Authors: Brian Hayles
Tags: #Science-Fiction:Doctor Who
‘Our civilisation is supremely efficient, my boy—thanks to the guidance we receive from the Intercontinental Computer Complex. With its help, we conquered the problem of world famine many years ago, using artificial foods, and protein recycling. Un-fortunately, the recycling process got rather out of hand...’
‘I suppose you started artificial recycling of waste gases to produce more oxygen,’ remarked the Doctor, frowning.
‘That,’ agreed Clent, ‘plus a massive increase in intensive depollution processes.’ He looked defensively at the Doctor. ‘A minor error in atmospheric prediction...’
‘But one which produced a nasty imbalance in the protective layers of the earth’s atmosphere,’ added the Doctor soberly.
‘Suddenly, one year...’ Clent paused, still remembering the terrible event, ‘... there was no Spring.’ No one spoke for a moment. Then Clent continued breezily.
‘The danger wasn’t understood at first—not until the polar ice caps started to advance.’ He smiled confidently. ‘But we soon came up with the answer to that!’
‘This blessed Ioniser, do you mean?’ questioned Jamie.
‘Precisely,’ beamed Clent. But Jamie wasn’t to be put off so easily.
‘Precisely what, though?’ he asked shrewdly. ‘What does it do exactly?’
Miss Garrett cut in with an explanation. ‘Ionisation is a method of intensifying the sun’s heat on to the earth—but only on selected areas.’
‘Try thinking of it as a sort of burning glass, Jamie,’
added the Doctor. Jamie’s face immediately brightened. ‘Och, now I understand!’ he cried, ‘Like ye can burn paper and make fire?’
‘So you can actually melt the glaciers and change the weather?’ Victoria asked Clent, wide-eyed. ‘When certain difficulties are overcome,’ he said. ‘It’s a highly complex system,’ stated Miss Garrett. ‘The focusing process is very delicate, and there aren’t enough specialists who understand its manipulation.’
‘Can’t afford to make mistakes, can you?’ observed the Doctor. ‘Might cause some nasty floods if all that ice melted too quickly.’
‘There’s the opposite problem, too,’ admitted Clent.
‘The ionisation process can produce temperatures intense enough to melt rock.’
‘But your computer can’t quite manage to strike the happy medium,’ reasoned the Doctor—‘at least, not without the assistance of one of those specialists you’re so short of...’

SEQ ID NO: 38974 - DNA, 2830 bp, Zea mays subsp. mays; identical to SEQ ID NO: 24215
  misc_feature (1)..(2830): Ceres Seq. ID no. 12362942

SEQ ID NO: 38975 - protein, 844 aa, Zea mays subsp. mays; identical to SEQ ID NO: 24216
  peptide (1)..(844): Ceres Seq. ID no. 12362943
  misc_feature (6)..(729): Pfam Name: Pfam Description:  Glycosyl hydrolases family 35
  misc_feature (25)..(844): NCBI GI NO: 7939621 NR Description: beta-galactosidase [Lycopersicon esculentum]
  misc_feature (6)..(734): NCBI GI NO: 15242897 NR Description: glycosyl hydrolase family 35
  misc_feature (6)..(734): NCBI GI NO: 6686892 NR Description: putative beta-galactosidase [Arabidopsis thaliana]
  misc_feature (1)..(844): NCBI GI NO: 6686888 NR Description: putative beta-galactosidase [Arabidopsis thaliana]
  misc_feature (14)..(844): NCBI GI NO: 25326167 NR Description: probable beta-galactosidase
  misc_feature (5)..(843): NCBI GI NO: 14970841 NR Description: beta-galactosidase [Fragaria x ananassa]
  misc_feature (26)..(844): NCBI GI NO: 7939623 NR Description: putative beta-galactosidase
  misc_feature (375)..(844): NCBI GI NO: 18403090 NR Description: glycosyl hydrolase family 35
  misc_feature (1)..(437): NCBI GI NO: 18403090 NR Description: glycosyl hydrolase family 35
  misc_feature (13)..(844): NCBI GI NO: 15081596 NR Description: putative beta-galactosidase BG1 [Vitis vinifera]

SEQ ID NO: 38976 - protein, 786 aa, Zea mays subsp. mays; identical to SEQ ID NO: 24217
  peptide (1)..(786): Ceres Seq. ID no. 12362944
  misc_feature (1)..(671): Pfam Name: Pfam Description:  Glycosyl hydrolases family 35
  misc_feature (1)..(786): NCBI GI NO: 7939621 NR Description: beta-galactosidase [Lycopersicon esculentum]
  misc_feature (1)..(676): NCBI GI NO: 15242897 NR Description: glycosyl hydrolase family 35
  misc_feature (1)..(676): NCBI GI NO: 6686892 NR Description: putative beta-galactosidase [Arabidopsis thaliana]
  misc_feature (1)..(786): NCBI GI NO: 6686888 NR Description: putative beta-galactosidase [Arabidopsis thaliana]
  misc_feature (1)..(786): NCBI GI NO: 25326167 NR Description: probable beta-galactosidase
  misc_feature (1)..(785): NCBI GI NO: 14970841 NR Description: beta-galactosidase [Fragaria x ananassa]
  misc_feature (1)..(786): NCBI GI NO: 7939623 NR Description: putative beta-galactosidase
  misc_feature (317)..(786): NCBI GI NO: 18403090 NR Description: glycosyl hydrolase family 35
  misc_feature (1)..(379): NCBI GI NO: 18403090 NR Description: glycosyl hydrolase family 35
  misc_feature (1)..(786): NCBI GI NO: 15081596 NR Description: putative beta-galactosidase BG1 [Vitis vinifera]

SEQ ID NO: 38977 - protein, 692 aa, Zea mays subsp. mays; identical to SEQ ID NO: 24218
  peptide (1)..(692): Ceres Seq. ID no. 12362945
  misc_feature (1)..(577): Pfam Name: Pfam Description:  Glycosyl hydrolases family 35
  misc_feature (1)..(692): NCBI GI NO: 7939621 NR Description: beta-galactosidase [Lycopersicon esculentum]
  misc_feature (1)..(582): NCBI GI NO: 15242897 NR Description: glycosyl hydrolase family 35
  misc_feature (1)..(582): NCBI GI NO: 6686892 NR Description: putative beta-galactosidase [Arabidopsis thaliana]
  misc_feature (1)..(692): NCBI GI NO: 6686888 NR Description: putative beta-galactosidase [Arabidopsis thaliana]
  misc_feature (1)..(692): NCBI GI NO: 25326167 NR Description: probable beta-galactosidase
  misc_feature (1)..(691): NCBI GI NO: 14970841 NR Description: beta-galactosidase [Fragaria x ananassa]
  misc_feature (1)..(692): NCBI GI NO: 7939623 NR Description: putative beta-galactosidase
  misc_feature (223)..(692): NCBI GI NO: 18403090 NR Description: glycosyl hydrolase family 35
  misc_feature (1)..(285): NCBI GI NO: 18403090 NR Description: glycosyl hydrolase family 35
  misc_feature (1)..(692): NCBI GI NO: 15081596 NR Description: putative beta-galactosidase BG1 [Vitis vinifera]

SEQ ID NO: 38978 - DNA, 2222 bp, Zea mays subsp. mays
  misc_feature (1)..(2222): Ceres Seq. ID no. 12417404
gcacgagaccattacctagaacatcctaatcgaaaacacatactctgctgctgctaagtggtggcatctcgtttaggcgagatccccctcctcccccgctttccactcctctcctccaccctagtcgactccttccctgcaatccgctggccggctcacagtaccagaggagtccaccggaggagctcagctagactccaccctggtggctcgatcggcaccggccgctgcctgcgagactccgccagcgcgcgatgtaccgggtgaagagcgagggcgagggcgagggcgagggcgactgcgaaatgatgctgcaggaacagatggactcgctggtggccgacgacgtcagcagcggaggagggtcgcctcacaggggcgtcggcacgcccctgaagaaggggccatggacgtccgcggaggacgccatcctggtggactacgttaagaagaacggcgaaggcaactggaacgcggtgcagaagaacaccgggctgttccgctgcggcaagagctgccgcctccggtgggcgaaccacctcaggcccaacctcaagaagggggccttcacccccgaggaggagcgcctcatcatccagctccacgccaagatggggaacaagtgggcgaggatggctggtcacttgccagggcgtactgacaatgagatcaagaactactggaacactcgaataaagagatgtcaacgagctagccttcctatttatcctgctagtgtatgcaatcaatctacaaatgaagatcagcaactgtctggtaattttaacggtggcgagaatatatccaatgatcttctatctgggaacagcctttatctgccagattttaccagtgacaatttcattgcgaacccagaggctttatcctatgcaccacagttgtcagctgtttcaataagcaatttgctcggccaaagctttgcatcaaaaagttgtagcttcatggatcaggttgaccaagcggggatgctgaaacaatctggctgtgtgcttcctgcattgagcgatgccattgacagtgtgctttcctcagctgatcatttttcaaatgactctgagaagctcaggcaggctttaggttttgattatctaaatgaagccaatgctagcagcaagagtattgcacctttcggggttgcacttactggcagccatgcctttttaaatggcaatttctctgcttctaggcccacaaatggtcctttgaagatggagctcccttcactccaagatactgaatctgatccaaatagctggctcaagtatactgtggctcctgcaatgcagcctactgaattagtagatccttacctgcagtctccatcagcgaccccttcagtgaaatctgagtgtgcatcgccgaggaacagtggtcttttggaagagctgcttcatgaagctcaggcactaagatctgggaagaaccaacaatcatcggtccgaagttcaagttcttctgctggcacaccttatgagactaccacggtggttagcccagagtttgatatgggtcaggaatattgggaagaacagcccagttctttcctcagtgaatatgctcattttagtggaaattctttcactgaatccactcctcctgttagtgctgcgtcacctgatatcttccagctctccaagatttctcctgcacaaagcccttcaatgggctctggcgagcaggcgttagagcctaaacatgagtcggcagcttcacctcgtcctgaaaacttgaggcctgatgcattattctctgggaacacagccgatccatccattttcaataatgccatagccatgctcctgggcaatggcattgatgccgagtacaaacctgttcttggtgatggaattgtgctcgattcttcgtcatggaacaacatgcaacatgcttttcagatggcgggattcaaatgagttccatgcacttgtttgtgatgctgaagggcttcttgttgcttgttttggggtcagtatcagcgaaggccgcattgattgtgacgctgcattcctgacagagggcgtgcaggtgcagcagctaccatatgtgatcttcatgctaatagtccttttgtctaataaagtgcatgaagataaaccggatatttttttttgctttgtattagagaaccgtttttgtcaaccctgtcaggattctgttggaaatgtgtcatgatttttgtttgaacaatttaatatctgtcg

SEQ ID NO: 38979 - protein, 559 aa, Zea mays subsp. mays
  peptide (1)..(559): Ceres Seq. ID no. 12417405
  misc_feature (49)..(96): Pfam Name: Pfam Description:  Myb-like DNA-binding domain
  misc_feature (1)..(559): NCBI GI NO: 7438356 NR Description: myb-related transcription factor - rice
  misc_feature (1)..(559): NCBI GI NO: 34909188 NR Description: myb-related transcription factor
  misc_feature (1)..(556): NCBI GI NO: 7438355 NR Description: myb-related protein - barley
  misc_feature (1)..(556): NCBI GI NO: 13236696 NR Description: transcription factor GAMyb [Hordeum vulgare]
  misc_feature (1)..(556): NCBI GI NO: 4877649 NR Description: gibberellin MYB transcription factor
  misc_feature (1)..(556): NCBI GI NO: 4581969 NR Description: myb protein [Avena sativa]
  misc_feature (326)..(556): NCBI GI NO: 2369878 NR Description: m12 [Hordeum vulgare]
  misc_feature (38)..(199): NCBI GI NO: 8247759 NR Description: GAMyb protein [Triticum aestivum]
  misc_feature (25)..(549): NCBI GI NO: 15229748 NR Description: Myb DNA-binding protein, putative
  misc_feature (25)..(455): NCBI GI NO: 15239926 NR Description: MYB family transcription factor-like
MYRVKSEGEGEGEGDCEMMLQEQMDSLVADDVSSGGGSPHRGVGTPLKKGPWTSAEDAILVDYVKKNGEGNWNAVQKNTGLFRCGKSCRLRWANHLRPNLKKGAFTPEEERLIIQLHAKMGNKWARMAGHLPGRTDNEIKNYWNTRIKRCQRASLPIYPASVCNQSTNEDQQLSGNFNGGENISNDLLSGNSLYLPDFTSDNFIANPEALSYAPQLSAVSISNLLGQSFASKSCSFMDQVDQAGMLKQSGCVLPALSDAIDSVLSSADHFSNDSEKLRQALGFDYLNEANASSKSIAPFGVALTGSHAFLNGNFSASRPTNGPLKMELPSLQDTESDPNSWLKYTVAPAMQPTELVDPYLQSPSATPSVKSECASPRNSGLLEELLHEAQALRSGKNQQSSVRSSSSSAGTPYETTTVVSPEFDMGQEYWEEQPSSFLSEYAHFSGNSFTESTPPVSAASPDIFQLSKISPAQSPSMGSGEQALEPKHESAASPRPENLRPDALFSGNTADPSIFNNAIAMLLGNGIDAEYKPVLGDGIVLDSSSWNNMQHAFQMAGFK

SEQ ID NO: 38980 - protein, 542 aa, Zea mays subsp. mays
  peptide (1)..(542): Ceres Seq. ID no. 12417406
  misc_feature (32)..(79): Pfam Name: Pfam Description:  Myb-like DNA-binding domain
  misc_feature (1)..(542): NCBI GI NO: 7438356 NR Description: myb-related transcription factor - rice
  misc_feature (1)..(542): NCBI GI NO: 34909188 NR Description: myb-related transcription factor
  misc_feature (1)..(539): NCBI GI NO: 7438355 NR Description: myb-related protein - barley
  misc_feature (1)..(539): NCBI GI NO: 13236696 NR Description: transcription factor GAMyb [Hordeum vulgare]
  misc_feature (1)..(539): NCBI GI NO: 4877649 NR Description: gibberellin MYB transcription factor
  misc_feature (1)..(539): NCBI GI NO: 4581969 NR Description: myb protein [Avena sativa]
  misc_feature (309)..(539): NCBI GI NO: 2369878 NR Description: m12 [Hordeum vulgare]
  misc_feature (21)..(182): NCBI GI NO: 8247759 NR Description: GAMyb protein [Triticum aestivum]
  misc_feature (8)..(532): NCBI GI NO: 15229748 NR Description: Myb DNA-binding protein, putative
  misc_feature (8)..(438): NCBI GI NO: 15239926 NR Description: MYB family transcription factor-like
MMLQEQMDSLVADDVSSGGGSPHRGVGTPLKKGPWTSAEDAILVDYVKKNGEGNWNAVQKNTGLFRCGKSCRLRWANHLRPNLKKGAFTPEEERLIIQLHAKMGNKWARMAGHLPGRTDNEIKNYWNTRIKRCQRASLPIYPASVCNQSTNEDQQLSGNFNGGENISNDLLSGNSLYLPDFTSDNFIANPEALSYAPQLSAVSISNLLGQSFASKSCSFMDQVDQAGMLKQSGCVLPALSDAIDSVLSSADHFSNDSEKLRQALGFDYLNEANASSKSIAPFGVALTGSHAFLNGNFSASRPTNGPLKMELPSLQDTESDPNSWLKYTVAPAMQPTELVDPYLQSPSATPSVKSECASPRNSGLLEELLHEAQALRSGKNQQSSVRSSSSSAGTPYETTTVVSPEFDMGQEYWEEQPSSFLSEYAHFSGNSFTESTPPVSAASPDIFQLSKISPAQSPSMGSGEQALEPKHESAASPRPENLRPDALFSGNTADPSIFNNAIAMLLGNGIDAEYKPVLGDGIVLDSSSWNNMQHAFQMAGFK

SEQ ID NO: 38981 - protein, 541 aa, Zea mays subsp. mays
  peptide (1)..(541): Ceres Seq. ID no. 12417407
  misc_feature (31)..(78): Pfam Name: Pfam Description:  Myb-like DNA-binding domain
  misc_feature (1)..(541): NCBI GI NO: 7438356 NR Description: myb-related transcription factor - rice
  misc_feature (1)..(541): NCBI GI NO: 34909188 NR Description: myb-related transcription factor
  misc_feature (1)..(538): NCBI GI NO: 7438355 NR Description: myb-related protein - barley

‘One of my scientists—a chap called Penley—had some sort of a breakdown, and went missing.’ Clent paused; he didn’t like asking favours. ‘I’d like you to take his place. It’s a worthwhile mission. Will you join us?’
The Doctor caught the resigned look that passed between Jamie and Victoria—they knew what his decision would be.
‘I’m willing to try,’ he said modestly.
Good!’ exclaimed Clent, smiling broadly. ‘Er... you have worked with computers, I presume?’
‘No more than necessary,’ muttered the Doctor.
‘Miss Garrett is our technical expert,’ CIent beamed.
‘She’ll help you.’
Miss Garrett was proud of her computer training, and intended the Doctor to know it. ‘Our computers check every decision to eliminate the risk of failure,’ she declared. ‘Our standards are of the highest—’
‘So I’ve noticed,’ remarked the Doctor with a wry smile.
‘Who sets these standards, though?’ demanded Victoria, who had a distinct aversion to bossy machines. Miss Garrett looked at the pretty teenager over her glasses.
‘World Computer Control, of course,’ she snapped.
‘Another machine?’ queried Jamie, amazed. ‘In charge of what everybody does? Och, that’s ridiculous!’
‘The machine,’ snapped Miss Garrett, ‘is rational, coherent, and infallible!’
‘But not very human,’ suggested the Doctor. He turned to face Clent. ‘Is that why Penley defected?’
‘The pressure of work here
driven some men into...
‘But not you.’
Clent faced the Doctor squarely, and replied with a tense dignity.
‘I have a job to do... and I do not intend to fail. My duty is to make the Ionisation programme succeed—and save five thousand years of European civilisation! I
In the pause that followed, only the Doctor saw the desperate plea in Clent’s eyes. It was impossible to ignore his silent appeal for help.
‘I respect that, Leader Clent,’ conceded the Doctor.
‘Now tell us how we can help.’
Before Clent could say what was in his mind, the double doors of the laboratory swung open, and Arden walked in. At first, Clent didn’t see Walters and the other technicians wheeling the trolley behind the defiant scientist. He swung himself from the vibrochair in a blaze of anger.